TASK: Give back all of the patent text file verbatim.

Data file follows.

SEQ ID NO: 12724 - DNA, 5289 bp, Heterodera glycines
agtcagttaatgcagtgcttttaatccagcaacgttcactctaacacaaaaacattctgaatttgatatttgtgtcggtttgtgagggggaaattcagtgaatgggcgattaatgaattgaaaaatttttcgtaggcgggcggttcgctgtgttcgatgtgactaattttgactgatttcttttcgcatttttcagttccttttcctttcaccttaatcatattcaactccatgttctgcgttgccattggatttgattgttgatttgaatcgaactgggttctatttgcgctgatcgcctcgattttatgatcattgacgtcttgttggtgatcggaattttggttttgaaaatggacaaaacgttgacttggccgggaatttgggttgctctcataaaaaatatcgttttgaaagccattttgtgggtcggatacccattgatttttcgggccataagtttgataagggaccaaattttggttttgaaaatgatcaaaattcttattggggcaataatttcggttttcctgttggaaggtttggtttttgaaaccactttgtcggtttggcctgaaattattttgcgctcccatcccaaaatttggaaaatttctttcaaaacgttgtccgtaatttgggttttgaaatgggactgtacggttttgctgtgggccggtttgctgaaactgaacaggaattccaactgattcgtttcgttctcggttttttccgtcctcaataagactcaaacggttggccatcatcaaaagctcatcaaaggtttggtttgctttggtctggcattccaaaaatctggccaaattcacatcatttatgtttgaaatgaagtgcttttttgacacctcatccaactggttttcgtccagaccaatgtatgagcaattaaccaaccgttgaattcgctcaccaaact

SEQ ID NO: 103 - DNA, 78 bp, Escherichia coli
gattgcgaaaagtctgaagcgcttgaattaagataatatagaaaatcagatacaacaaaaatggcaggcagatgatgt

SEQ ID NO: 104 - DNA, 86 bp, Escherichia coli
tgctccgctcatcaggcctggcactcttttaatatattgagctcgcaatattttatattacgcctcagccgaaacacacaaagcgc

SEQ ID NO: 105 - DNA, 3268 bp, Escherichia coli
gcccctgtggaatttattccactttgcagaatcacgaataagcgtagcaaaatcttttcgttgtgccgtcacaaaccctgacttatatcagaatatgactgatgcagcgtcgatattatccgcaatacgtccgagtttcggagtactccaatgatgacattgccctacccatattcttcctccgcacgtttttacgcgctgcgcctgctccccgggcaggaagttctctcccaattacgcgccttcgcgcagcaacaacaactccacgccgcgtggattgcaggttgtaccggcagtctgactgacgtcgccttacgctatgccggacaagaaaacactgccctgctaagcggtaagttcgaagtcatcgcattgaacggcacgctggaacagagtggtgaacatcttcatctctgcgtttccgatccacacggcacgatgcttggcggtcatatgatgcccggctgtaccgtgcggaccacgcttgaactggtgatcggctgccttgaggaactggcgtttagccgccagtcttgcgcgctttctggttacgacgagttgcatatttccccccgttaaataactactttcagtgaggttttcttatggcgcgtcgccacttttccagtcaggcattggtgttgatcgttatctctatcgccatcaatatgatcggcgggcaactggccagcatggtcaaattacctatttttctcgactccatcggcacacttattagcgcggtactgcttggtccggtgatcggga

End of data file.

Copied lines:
SEQ ID NO: 12724 - DNA, 5289 bp, Heterodera glycines
agtcagttaatgcagtgcttttaatccagcaacgttcactctaacacaaaaacattctgaatttgatatttgtgtcggtttgtgagggggaaattcagtgaatgggcgattaatgaattgaaaaatttttcgtaggcgggcggttcgctgtgttcgatgtgactaattttgactgatttcttttcgcatttttcagttccttttcctttcaccttaatcatattcaactccatgttctgcgttgccattggatttgattgttgatttgaatcgaactgggttctatttgcgctgatcgcctcgattttatgatcattgacgtcttgttggtgatcggaattttggttttgaaaatggacaaaacgttgacttggccgggaatttgggttgctctcataaaaaatatcgttttgaaagccattttgtgggtcggatacccattgatttttcgggccataagtttgataagggaccaaattttggttttgaaaatgatcaaaattcttattggggcaataatttcggttttcctgttggaaggtttggtttttgaaaccactttgtcggtttggcctgaaattattttgcgctcccatcccaaaatttggaaaatttctttcaaaacgttgtccgtaatttgggttttgaaatgggactgtacggttttgctgtgggccggtttgctgaaactgaacaggaattccaactgattcgtttcgttctcggttttttccgtcctcaataagactcaaacggttggccatcatcaaaagctcatcaaaggtttggtttgctttggtctggcattccaaaaatctggccaaattcacatcatttatgtttgaaatgaagtgcttttttgacacctcatccaactggttttcgtccagaccaatgtatgagcaattaaccaaccgttgaattcgctcaccaaact

SEQ ID NO: 103 - DNA, 78 bp, Escherichia coli
gattgcgaaaagtctgaagcgcttgaattaagataatatagaaaatcagatacaacaaaaatggcaggcagatgatgt

SEQ ID NO: 104 - DNA, 86 bp, Escherichia coli
tgctccgctcatcaggcctggcactcttttaatatattgagctcgcaatattttatattacgcctcagccgaaacacacaaagcgc

SEQ ID NO: 105 - DNA, 3268 bp, Escherichia coli
gcccctgtggaatttattccactttgcagaatcacgaataagcgtagcaaaatcttttcgttgtgccgtcacaaaccctgacttatatcagaatatgactgatgcagcgtcgatattatccgcaatacgtccgagtttcggagtactccaatgatgacattgccctacccatattcttcctccgcacgtttttacgcgctgcgcctgctccccgggcaggaagttctctcccaattacgcgccttcgcgcagcaacaacaactccacgccgcgtggattgcaggttgtaccggcagtctgactgacgtcgccttacgctatgccggacaagaaaacactgccctgctaagcggtaagttcgaagtcatcgcattgaacggcacgctggaacagagtggtgaacatcttcatctctgcgtttccgatccacacggcacgatgcttggcggtcatatgatgcccggctgtaccgtgcggaccacgcttgaactggtgatcggctgccttgaggaactggcgtttagccgccagtcttgcgcgctttctggttacgacgagttgcatatttccccccgttaaataactactttcagtgaggttttcttatggcgcgtcgccacttttccagtcaggcattggtgttgatcgttatctctatcgccatcaatatgatcggcgggcaactggccagcatggtcaaattacctatttttctcgactccatcggcacacttattagcgcggtactgcttggtccggtgatcggga